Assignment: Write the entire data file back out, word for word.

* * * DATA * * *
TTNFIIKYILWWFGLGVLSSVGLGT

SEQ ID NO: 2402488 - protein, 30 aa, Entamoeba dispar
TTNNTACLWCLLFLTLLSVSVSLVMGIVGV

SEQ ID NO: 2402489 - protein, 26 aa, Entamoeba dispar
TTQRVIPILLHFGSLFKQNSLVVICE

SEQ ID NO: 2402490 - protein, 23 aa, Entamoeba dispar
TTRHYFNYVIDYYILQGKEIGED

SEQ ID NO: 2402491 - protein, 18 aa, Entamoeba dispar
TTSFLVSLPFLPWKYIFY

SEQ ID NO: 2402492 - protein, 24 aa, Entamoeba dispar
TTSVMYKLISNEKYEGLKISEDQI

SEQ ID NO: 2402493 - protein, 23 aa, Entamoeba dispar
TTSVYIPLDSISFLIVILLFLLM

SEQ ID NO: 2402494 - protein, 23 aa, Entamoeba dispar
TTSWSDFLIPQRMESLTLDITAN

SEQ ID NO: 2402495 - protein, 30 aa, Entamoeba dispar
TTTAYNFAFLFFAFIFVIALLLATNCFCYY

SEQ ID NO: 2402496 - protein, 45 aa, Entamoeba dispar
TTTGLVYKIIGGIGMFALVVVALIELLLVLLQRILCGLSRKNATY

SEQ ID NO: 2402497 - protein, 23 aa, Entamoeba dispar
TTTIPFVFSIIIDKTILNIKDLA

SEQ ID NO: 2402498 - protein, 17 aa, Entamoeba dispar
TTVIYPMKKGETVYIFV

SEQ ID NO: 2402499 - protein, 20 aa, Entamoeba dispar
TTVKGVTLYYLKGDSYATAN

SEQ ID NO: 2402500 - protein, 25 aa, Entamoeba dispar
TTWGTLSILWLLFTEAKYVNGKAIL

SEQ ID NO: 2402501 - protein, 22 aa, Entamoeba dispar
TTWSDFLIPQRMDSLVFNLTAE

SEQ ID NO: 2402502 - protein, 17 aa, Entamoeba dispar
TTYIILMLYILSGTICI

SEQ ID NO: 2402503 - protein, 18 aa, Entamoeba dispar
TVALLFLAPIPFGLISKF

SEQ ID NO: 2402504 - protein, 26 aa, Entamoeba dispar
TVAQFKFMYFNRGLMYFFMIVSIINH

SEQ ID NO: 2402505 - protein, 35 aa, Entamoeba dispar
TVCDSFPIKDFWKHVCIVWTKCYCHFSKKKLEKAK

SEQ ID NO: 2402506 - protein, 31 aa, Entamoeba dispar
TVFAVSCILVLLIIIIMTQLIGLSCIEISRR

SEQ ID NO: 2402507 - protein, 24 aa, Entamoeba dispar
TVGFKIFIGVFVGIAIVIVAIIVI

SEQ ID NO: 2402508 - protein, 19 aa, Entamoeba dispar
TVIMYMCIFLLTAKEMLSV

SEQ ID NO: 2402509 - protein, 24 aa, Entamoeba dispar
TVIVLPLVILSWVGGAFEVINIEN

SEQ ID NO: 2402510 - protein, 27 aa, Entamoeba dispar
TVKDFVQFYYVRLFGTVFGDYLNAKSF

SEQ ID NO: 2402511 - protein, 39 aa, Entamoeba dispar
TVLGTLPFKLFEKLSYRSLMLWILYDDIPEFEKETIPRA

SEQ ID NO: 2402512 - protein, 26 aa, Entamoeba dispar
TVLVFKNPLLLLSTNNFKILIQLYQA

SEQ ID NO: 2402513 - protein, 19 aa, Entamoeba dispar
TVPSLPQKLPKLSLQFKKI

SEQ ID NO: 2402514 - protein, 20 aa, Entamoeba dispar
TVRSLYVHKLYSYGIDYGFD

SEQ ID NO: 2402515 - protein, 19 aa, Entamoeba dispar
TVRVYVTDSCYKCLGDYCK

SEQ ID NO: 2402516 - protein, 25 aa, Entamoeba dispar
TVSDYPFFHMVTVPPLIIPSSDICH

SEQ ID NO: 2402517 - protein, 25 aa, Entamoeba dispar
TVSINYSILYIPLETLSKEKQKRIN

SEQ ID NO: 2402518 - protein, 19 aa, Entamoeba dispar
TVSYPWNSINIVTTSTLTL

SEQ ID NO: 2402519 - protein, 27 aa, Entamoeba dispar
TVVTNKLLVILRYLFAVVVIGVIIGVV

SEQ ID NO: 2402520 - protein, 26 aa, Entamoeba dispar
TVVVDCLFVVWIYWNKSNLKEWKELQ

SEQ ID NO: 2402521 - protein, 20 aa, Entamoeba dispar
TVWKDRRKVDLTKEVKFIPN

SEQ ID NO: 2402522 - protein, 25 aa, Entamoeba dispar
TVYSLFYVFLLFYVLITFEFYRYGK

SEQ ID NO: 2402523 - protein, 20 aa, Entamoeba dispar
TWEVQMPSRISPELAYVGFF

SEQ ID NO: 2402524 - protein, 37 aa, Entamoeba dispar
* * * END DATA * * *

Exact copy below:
TTNFIIKYILWWFGLGVLSSVGLGT

SEQ ID NO: 2402488 - protein, 30 aa, Entamoeba dispar
TTNNTACLWCLLFLTLLSVSVSLVMGIVGV

SEQ ID NO: 2402489 - protein, 26 aa, Entamoeba dispar
TTQRVIPILLHFGSLFKQNSLVVICE

SEQ ID NO: 2402490 - protein, 23 aa, Entamoeba dispar
TTRHYFNYVIDYYILQGKEIGED

SEQ ID NO: 2402491 - protein, 18 aa, Entamoeba dispar
TTSFLVSLPFLPWKYIFY

SEQ ID NO: 2402492 - protein, 24 aa, Entamoeba dispar
TTSVMYKLISNEKYEGLKISEDQI

SEQ ID NO: 2402493 - protein, 23 aa, Entamoeba dispar
TTSVYIPLDSISFLIVILLFLLM

SEQ ID NO: 2402494 - protein, 23 aa, Entamoeba dispar
TTSWSDFLIPQRMESLTLDITAN

SEQ ID NO: 2402495 - protein, 30 aa, Entamoeba dispar
TTTAYNFAFLFFAFIFVIALLLATNCFCYY

SEQ ID NO: 2402496 - protein, 45 aa, Entamoeba dispar
TTTGLVYKIIGGIGMFALVVVALIELLLVLLQRILCGLSRKNATY

SEQ ID NO: 2402497 - protein, 23 aa, Entamoeba dispar
TTTIPFVFSIIIDKTILNIKDLA

SEQ ID NO: 2402498 - protein, 17 aa, Entamoeba dispar
TTVIYPMKKGETVYIFV

SEQ ID NO: 2402499 - protein, 20 aa, Entamoeba dispar
TTVKGVTLYYLKGDSYATAN

SEQ ID NO: 2402500 - protein, 25 aa, Entamoeba dispar
TTWGTLSILWLLFTEAKYVNGKAIL

SEQ ID NO: 2402501 - protein, 22 aa, Entamoeba dispar
TTWSDFLIPQRMDSLVFNLTAE

SEQ ID NO: 2402502 - protein, 17 aa, Entamoeba dispar
TTYIILMLYILSGTICI

SEQ ID NO: 2402503 - protein, 18 aa, Entamoeba dispar
TVALLFLAPIPFGLISKF

SEQ ID NO: 2402504 - protein, 26 aa, Entamoeba dispar
TVAQFKFMYFNRGLMYFFMIVSIINH

SEQ ID NO: 2402505 - protein, 35 aa, Entamoeba dispar
TVCDSFPIKDFWKHVCIVWTKCYCHFSKKKLEKAK

SEQ ID NO: 2402506 - protein, 31 aa, Entamoeba dispar
TVFAVSCILVLLIIIIMTQLIGLSCIEISRR

SEQ ID NO: 2402507 - protein, 24 aa, Entamoeba dispar
TVGFKIFIGVFVGIAIVIVAIIVI

SEQ ID NO: 2402508 - protein, 19 aa, Entamoeba dispar
TVIMYMCIFLLTAKEMLSV

SEQ ID NO: 2402509 - protein, 24 aa, Entamoeba dispar
TVIVLPLVILSWVGGAFEVINIEN

SEQ ID NO: 2402510 - protein, 27 aa, Entamoeba dispar
TVKDFVQFYYVRLFGTVFGDYLNAKSF

SEQ ID NO: 2402511 - protein, 39 aa, Entamoeba dispar
TVLGTLPFKLFEKLSYRSLMLWILYDDIPEFEKETIPRA

SEQ ID NO: 2402512 - protein, 26 aa, Entamoeba dispar
TVLVFKNPLLLLSTNNFKILIQLYQA

SEQ ID NO: 2402513 - protein, 19 aa, Entamoeba dispar
TVPSLPQKLPKLSLQFKKI

SEQ ID NO: 2402514 - protein, 20 aa, Entamoeba dispar
TVRSLYVHKLYSYGIDYGFD

SEQ ID NO: 2402515 - protein, 19 aa, Entamoeba dispar
TVRVYVTDSCYKCLGDYCK

SEQ ID NO: 2402516 - protein, 25 aa, Entamoeba dispar
TVSDYPFFHMVTVPPLIIPSSDICH

SEQ ID NO: 2402517 - protein, 25 aa, Entamoeba dispar
TVSINYSILYIPLETLSKEKQKRIN

SEQ ID NO: 2402518 - protein, 19 aa, Entamoeba dispar
TVSYPWNSINIVTTSTLTL

SEQ ID NO: 2402519 - protein, 27 aa, Entamoeba dispar
TVVTNKLLVILRYLFAVVVIGVIIGVV

SEQ ID NO: 2402520 - protein, 26 aa, Entamoeba dispar
TVVVDCLFVVWIYWNKSNLKEWKELQ

SEQ ID NO: 2402521 - protein, 20 aa, Entamoeba dispar
TVWKDRRKVDLTKEVKFIPN

SEQ ID NO: 2402522 - protein, 25 aa, Entamoeba dispar
TVYSLFYVFLLFYVLITFEFYRYGK

SEQ ID NO: 2402523 - protein, 20 aa, Entamoeba dispar
TWEVQMPSRISPELAYVGFF

SEQ ID NO: 2402524 - protein, 37 aa, Entamoeba dispar